Exciting classic racing at Thruxton’s Historic Festival – Report by Chris Adamson.
(All photographs copyright, as individually credited and with thanks to their creators for their use here).
Famous names from the glory days of post-war British motor racing heritage were in action once again at the Thruxton Historic Festival in Hampshire.
Marques such as Jaguar, Aston Martin, Lotus, Lister, Cooper, Frazer Nash, Connaught, Austin Healey and MG brought back memories of the days when British designed and built machinery headed the grid at sportscar races around the world.
Sadly a busy weekend on the motor racing calendar around the country meant that the entry list was a little thin, exemplified by the fact that the Pre 63 GT and Jaguar Classic Challenge for pre-66 cars only attracted a grid of five cars.
But the lack of numbers was made up for with some close racing at the front where the top three E-Types were lapping within half a second of each other during the 60 minute encounter where the example of Matthew Wrigley and Rob Wainwright gradually overcame the speed of pole sitter Ben Adams who couldn’t quite re-create his qualifying time.
Event headliner was the one-hour combined MRL Royal Automobile Club Woodcote Trophy (for original sportscars from 1946 to 1955) and the Stirling Moss Trophy (for pre 1961 sportscars).
It was no surprise when the recreation Lister Knobble of Tarek Mahmoud and experienced racer Nigel Greensall, took pole position to head the Stirling Moss entries. However it was the 1959 Lola MK1 of Ben Adams that emerged victorious after completing 39 laps and was presented with the trophy that Moss won at the 1955 British Grand Prix.
The Lister couldn’t replicate its qualifying pace and dropped to third behind the Lotus XV of Michael Birch and Gareth Burnett.
Classic Touring cars, always a favourite with the Thruxton crowds over the decades, put on their usual entertaining display of sporting saloon going sideways and this was highlighted in the Jack Sears Trophy for 1958 to 1966 period cars that opened the two day meeting.
It was venerable Lotus Cortina MKIs that dominated the 45 minute dash with the pole sitting example of Neil Brown and Richard Dutton (both drivers contesting more than one race during the event) leading the field – but they were harried all the way by Pete Chambers whose times were less than a tenth of a second shy of the leaders.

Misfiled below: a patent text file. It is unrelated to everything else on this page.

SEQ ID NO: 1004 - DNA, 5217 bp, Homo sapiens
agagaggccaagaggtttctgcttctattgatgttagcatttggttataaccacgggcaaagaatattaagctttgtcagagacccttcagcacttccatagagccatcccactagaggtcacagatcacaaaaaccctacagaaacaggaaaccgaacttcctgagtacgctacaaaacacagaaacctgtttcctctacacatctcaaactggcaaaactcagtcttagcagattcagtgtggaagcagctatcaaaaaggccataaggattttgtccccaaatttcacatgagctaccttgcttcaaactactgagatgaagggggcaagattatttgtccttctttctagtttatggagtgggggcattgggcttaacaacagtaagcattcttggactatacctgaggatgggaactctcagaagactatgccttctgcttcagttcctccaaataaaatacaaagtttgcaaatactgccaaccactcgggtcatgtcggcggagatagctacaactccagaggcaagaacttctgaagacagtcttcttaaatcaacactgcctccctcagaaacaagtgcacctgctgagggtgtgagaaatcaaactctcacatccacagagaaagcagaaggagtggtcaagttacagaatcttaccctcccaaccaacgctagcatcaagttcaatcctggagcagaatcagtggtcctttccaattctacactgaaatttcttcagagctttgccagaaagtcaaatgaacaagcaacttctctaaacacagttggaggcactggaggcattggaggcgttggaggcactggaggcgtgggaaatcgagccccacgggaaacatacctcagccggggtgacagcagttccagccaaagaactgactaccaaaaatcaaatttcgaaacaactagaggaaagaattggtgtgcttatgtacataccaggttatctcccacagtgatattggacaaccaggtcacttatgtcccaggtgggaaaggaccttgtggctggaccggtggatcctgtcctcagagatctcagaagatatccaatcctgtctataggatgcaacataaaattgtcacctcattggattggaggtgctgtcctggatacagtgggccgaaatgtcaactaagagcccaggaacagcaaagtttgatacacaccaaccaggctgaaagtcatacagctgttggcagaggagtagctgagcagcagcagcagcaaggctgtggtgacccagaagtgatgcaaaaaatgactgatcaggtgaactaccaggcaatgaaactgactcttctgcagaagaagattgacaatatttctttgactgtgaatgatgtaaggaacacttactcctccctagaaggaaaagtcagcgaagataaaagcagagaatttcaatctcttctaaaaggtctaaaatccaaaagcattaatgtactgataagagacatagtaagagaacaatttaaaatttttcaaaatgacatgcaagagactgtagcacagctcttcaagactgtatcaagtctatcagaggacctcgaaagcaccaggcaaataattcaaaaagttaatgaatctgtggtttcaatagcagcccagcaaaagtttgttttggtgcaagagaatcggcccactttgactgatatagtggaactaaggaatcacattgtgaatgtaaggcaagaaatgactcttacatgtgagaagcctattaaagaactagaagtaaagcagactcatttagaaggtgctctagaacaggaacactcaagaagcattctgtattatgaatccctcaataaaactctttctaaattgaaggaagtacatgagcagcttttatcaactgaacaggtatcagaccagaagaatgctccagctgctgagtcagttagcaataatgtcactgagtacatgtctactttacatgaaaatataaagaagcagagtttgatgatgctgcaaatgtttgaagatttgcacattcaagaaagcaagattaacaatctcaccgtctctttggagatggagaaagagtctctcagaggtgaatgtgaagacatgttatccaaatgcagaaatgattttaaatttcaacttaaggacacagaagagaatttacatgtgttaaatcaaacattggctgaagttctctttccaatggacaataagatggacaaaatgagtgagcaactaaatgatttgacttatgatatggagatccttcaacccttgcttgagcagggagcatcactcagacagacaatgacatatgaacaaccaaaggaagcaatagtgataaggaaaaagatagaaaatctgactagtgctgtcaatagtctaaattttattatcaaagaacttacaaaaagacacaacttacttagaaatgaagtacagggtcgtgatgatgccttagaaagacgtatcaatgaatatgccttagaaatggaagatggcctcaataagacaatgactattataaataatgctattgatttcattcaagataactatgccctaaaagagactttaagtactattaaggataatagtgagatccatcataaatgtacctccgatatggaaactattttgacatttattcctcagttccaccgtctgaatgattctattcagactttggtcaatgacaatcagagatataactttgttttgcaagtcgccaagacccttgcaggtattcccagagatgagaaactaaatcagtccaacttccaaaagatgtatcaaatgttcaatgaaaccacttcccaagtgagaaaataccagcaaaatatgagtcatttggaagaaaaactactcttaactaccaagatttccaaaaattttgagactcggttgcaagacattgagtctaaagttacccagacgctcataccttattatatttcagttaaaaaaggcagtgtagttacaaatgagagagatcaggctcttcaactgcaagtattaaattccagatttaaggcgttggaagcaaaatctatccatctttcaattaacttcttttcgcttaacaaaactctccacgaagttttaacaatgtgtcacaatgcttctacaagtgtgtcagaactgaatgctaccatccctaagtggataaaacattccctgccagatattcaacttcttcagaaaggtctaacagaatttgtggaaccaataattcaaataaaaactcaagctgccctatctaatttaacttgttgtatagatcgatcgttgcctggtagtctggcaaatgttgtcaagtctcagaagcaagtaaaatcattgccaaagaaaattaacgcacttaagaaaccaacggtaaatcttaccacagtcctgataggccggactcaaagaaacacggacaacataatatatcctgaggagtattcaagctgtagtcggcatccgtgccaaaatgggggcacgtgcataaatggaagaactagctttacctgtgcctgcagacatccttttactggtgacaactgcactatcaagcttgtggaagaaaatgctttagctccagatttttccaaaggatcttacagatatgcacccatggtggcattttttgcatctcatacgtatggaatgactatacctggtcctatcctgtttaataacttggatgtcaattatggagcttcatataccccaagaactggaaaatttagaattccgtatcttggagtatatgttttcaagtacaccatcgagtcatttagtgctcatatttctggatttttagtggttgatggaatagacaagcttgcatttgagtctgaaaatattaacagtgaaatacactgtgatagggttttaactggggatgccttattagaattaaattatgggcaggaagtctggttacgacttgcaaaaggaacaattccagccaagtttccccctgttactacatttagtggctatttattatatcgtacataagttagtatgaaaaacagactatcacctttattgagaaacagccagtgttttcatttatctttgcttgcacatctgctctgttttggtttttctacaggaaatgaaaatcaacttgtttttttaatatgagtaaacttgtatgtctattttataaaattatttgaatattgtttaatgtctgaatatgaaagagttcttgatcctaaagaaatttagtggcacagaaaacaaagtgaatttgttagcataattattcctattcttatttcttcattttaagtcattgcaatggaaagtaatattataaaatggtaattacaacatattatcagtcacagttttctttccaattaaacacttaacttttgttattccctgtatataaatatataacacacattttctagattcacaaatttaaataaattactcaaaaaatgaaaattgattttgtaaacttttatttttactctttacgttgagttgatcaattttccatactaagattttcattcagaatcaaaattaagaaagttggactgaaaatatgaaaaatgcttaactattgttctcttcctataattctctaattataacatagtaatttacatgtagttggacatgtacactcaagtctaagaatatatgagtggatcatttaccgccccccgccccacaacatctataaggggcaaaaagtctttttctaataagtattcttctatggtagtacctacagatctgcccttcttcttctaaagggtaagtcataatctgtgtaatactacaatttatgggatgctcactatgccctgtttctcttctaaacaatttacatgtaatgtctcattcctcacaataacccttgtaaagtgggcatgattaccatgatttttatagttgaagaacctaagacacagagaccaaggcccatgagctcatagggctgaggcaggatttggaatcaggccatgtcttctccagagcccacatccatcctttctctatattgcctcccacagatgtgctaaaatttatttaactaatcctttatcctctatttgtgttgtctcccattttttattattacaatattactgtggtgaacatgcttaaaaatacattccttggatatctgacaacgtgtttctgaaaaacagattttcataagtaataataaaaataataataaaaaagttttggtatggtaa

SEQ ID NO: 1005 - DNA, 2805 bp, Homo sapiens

The winners were both out in their own cars for the Sixties Touring Car Challenge with U2TC for pre 66 two litre entries.
Brown in his 1964 Cortina gave chase to the eventual winners Max and Andrew Banks in their 1965 Alfa Romeo Giulia Sprint GTA and only finished less than eight seconds down after 38 gruelling laps.
Dutton peddling his 1969 Ford Escort MK1 (the lone entry in the more modern Sixties class) qualified third quickest and was matching the Alfa for pace when he retired on lap 22.
The boom period for British teams in both the British and European Touring Car series was the late ‘80s and early ‘90s which was represented in the Historic Touring Car Challenge that featured the throaty roar of the likes of the Ford Capri, Sierra Cosworth, Nissan Skyline and BMW E30.
Former Touring Car star Andy Middlehurst co-driving with Jonathan Bailey put their 2.6 litre 1990 Nissan Skyline on pole for the one hour burn but couldn’t hold off the challenge of the similar Skyline of Ric Wood who led them home by less than ten seconds after 43 tours of the Hampshire circuit.